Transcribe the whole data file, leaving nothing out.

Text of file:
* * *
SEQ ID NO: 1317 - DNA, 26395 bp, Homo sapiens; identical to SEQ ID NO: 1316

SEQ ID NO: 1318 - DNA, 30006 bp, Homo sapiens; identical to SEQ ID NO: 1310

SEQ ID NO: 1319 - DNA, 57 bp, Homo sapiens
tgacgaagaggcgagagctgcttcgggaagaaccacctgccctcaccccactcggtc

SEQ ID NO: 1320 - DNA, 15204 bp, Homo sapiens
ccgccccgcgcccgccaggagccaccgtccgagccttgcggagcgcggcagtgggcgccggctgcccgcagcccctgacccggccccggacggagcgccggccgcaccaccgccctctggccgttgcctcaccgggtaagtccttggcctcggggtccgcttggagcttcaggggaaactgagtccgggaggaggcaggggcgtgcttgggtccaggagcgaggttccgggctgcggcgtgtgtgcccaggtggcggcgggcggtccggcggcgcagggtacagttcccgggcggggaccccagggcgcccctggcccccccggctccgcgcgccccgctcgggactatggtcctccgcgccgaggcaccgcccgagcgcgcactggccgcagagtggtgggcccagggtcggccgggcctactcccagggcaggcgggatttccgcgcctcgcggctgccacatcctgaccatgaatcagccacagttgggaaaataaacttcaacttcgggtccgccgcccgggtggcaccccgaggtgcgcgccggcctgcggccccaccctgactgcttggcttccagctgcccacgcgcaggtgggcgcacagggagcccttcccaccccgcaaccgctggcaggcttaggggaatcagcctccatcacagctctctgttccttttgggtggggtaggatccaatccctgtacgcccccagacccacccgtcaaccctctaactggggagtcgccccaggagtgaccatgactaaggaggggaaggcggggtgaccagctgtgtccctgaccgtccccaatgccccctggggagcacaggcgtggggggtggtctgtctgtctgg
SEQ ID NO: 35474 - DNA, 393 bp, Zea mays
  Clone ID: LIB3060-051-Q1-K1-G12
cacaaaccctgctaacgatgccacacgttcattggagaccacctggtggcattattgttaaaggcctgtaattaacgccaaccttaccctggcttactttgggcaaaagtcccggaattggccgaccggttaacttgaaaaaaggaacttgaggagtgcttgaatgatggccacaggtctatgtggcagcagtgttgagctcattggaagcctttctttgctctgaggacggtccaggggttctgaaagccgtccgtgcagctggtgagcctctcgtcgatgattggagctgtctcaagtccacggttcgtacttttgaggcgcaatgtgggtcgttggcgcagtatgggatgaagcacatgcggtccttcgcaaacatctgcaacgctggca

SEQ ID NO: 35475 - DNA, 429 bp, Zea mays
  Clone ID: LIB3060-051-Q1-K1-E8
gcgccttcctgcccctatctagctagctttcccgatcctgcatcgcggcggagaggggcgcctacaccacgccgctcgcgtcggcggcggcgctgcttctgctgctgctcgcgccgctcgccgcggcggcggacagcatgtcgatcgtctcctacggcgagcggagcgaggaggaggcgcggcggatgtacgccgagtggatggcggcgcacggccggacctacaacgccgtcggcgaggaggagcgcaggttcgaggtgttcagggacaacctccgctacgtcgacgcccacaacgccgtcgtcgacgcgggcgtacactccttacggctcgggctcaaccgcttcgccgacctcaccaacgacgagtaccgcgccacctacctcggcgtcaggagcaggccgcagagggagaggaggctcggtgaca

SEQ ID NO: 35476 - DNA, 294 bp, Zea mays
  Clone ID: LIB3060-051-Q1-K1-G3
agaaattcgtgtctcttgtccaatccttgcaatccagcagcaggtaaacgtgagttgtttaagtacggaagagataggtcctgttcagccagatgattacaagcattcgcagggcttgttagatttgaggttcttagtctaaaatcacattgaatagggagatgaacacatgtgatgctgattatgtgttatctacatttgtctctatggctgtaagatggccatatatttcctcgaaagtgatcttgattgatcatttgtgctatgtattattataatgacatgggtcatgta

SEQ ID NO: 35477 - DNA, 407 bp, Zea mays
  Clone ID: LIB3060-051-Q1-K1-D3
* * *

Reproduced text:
SEQ ID NO: 1317 - DNA, 26395 bp, Homo sapiens; identical to SEQ ID NO: 1316

SEQ ID NO: 1318 - DNA, 30006 bp, Homo sapiens; identical to SEQ ID NO: 1310

SEQ ID NO: 1319 - DNA, 57 bp, Homo sapiens
tgacgaagaggcgagagctgcttcgggaagaaccacctgccctcaccccactcggtc

SEQ ID NO: 1320 - DNA, 15204 bp, Homo sapiens
ccgccccgcgcccgccaggagccaccgtccgagccttgcggagcgcggcagtgggcgccggctgcccgcagcccctgacccggccccggacggagcgccggccgcaccaccgccctctggccgttgcctcaccgggtaagtccttggcctcggggtccgcttggagcttcaggggaaactgagtccgggaggaggcaggggcgtgcttgggtccaggagcgaggttccgggctgcggcgtgtgtgcccaggtggcggcgggcggtccggcggcgcagggtacagttcccgggcggggaccccagggcgcccctggcccccccggctccgcgcgccccgctcgggactatggtcctccgcgccgaggcaccgcccgagcgcgcactggccgcagagtggtgggcccagggtcggccgggcctactcccagggcaggcgggatttccgcgcctcgcggctgccacatcctgaccatgaatcagccacagttgggaaaataaacttcaacttcgggtccgccgcccgggtggcaccccgaggtgcgcgccggcctgcggccccaccctgactgcttggcttccagctgcccacgcgcaggtgggcgcacagggagcccttcccaccccgcaaccgctggcaggcttaggggaatcagcctccatcacagctctctgttccttttgggtggggtaggatccaatccctgtacgcccccagacccacccgtcaaccctctaactggggagtcgccccaggagtgaccatgactaaggaggggaaggcggggtgaccagctgtgtccctgaccgtccccaatgccccctggggagcacaggcgtggggggtggtctgtctgtctgg
SEQ ID NO: 35474 - DNA, 393 bp, Zea mays
  Clone ID: LIB3060-051-Q1-K1-G12
cacaaaccctgctaacgatgccacacgttcattggagaccacctggtggcattattgttaaaggcctgtaattaacgccaaccttaccctggcttactttgggcaaaagtcccggaattggccgaccggttaacttgaaaaaaggaacttgaggagtgcttgaatgatggccacaggtctatgtggcagcagtgttgagctcattggaagcctttctttgctctgaggacggtccaggggttctgaaagccgtccgtgcagctggtgagcctctcgtcgatgattggagctgtctcaagtccacggttcgtacttttgaggcgcaatgtgggtcgttggcgcagtatgggatgaagcacatgcggtccttcgcaaacatctgcaacgctggca

SEQ ID NO: 35475 - DNA, 429 bp, Zea mays
  Clone ID: LIB3060-051-Q1-K1-E8
gcgccttcctgcccctatctagctagctttcccgatcctgcatcgcggcggagaggggcgcctacaccacgccgctcgcgtcggcggcggcgctgcttctgctgctgctcgcgccgctcgccgcggcggcggacagcatgtcgatcgtctcctacggcgagcggagcgaggaggaggcgcggcggatgtacgccgagtggatggcggcgcacggccggacctacaacgccgtcggcgaggaggagcgcaggttcgaggtgttcagggacaacctccgctacgtcgacgcccacaacgccgtcgtcgacgcgggcgtacactccttacggctcgggctcaaccgcttcgccgacctcaccaacgacgagtaccgcgccacctacctcggcgtcaggagcaggccgcagagggagaggaggctcggtgaca

SEQ ID NO: 35476 - DNA, 294 bp, Zea mays
  Clone ID: LIB3060-051-Q1-K1-G3
agaaattcgtgtctcttgtccaatccttgcaatccagcagcaggtaaacgtgagttgtttaagtacggaagagataggtcctgttcagccagatgattacaagcattcgcagggcttgttagatttgaggttcttagtctaaaatcacattgaatagggagatgaacacatgtgatgctgattatgtgttatctacatttgtctctatggctgtaagatggccatatatttcctcgaaagtgatcttgattgatcatttgtgctatgtattattataatgacatgggtcatgta

SEQ ID NO: 35477 - DNA, 407 bp, Zea mays
  Clone ID: LIB3060-051-Q1-K1-D3